How Business Leaders Can Overcome Negative Self-Talk
Updated: Apr 30
When I was in my 20s, I had just experienced a tragic loss, and I was unsure what to do next. My friends had already graduated from college and started their careers, and I felt like I was behind everyone else my age.
I had no idea where to start the rest of my life. It never crossed my mind that I could still go to college. Instead, I went the nontraditional route of starting a business. At that time, my mother was closing her debt collection agency, and because I had worked at her agency when I was younger, I decided to try my hand at running my own. So, at 24, I was calling her former clients and securing a few of them to start my own agency.
From that point forward, I focused on my career. I built my agency from the ground up and continued to develop as a business owner and debt collector. Despite the success, I felt like something was missing. That’s when I began my journey of personal development. Eventually, though, I hit a roadblock: How could I be a more positive, happy person while also collecting people’s debts?
I wanted to improve myself, which meant I needed to figure something out: Is it possible to implement personal development while owning a business?
I'm here to tell you that self-development as an entrepreneur is not only possible but also necessary to thrive in the 21st century. As business leaders, we have the responsibility to be mentors in our respective industries. To be a good mentor, personal development is key. Luckily, it can be as simple as implementing positive self-talk in your day-to-day life.
The Power Of Positive Self-Talk
When starting my debt-collection agency, I was on the phone daily with consumers who were at their most vulnerable state, and in a way, I felt guilty asking them for money. As a new business owner, I could have given into the guilt I felt for collecting debt rather than developing an empathetic brand. I could have taken my personal criticisms to heart and stayed in an endless cycle of anxiety. That was never in my best interest, though. After all, those negative thoughts were standing in the way of what I would go on to develop.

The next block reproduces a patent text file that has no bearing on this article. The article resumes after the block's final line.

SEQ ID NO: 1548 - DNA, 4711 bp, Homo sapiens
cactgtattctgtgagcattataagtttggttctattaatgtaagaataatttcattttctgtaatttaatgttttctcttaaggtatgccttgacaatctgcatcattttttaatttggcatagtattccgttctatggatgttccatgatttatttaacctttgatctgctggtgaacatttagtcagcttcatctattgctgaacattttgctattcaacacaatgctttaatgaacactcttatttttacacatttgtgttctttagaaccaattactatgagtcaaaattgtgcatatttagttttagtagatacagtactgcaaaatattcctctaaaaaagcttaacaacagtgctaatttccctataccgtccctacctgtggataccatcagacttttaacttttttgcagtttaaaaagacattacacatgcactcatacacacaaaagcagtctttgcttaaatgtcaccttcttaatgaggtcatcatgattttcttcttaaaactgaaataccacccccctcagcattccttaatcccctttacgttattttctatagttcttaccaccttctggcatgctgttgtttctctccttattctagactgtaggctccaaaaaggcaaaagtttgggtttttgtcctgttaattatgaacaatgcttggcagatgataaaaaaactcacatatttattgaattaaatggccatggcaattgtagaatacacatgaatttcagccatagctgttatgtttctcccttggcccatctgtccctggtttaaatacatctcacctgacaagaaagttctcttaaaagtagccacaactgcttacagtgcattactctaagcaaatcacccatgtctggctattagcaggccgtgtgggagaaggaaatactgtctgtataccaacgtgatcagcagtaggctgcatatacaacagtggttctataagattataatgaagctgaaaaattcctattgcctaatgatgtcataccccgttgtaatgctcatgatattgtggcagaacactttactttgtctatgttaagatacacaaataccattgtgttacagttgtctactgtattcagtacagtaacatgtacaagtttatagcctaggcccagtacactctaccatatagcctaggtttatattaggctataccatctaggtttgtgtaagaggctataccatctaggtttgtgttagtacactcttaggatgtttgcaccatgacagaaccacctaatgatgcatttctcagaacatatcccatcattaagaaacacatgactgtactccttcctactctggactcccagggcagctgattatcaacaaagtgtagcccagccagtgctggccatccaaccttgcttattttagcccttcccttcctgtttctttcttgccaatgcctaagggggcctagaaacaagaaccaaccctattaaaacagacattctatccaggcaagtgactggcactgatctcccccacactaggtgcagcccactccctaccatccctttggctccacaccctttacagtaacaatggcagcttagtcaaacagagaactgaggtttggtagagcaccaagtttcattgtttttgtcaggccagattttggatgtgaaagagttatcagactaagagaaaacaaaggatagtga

I began to rewire my own thinking patterns. I uncovered my barrier beliefs and challenged them. I also listed my limitations in my journal and crafted plans to overcome them. Over time, my thought processes transformed, and I began to create my ideas to increase humanity in my everyday business operations.
As I changed my own mindset about my career, I created content that would help other collection agencies. I was able to study psychology and neuroscience to truly understand the power of words. And, I was able to become a more empathetic person, which made speaking to consumers each day that much easier.
While it might seem easy on the surface, implementing positive self-talk can be difficult. If you struggle with this, you're not alone, and I'm excited to share with you some fantastic tips that will help you transform your thought quality.
What Can You Do?
Many of us tell ourselves what we can't do. I'm guilty of this myself. A few years ago, I really wanted to write a book. Every time I thought about writing it, I said to myself, "I can't write a book. I'm not a writer." Each time I told myself I couldn't do the one thing I wanted to do, I was pushing myself further away from that goal. One day, I realized that I would never write a book is I kept telling myself I was incapable of it. So, I began to tell myself what I could do instead.
At first, telling yourself what you can do won't be easy. You're so used to doing the opposite that it doesn't come naturally, and that's OK; just find something small that you know you can do, and go from there. For example, instead of saying, "I can't write a book," you could say, "I can go to a writing workshop to learn more about writing a book." That way, you're taking a step in the right direction and eliminating the negative self-talk.
Think About Your Feelings
It's pretty common for our negative self-talk to manifest as misunderstood emotions that we're not sure how to handle. For instance, if you make a mistake on a big project at work, your first instinct might be to tell yourself that you're stupid and bad at your job. When those thoughts creep in, it's helpful to try to identify what emotion is causing them.
According to a 2007 study, labeling our emotions can help us process them better. So, when you start to use negative self-talk, it's helpful to write down the emotions you are feeling. For instance, when you make a mistake at work and you tell yourself you don't know anything, perhaps you're feeling frustrated or embarrassed.
Regardless of the emotion, simply identifying it can help deter you from a negative thought cycle. When that happens, you're more likely to persevere and continue to do your best in your position without letting one mistake ruin your day, week, or month.
Look Back at Your Progress
While going through an identity crisis in my 20s was difficult, to say the least, I think it was necessary. I have since discovered how to combine my love of personal development with my passion for collections. Today, my everyday collections work and my personal development go together thanks to my thought patterns.
While it hasn’t been easy to forge this path, it has definitely been worth it.
Do you want to know more about my personal story? Check out my book, Conscious Communications.
A version of this post was originally featured on Forbes.com.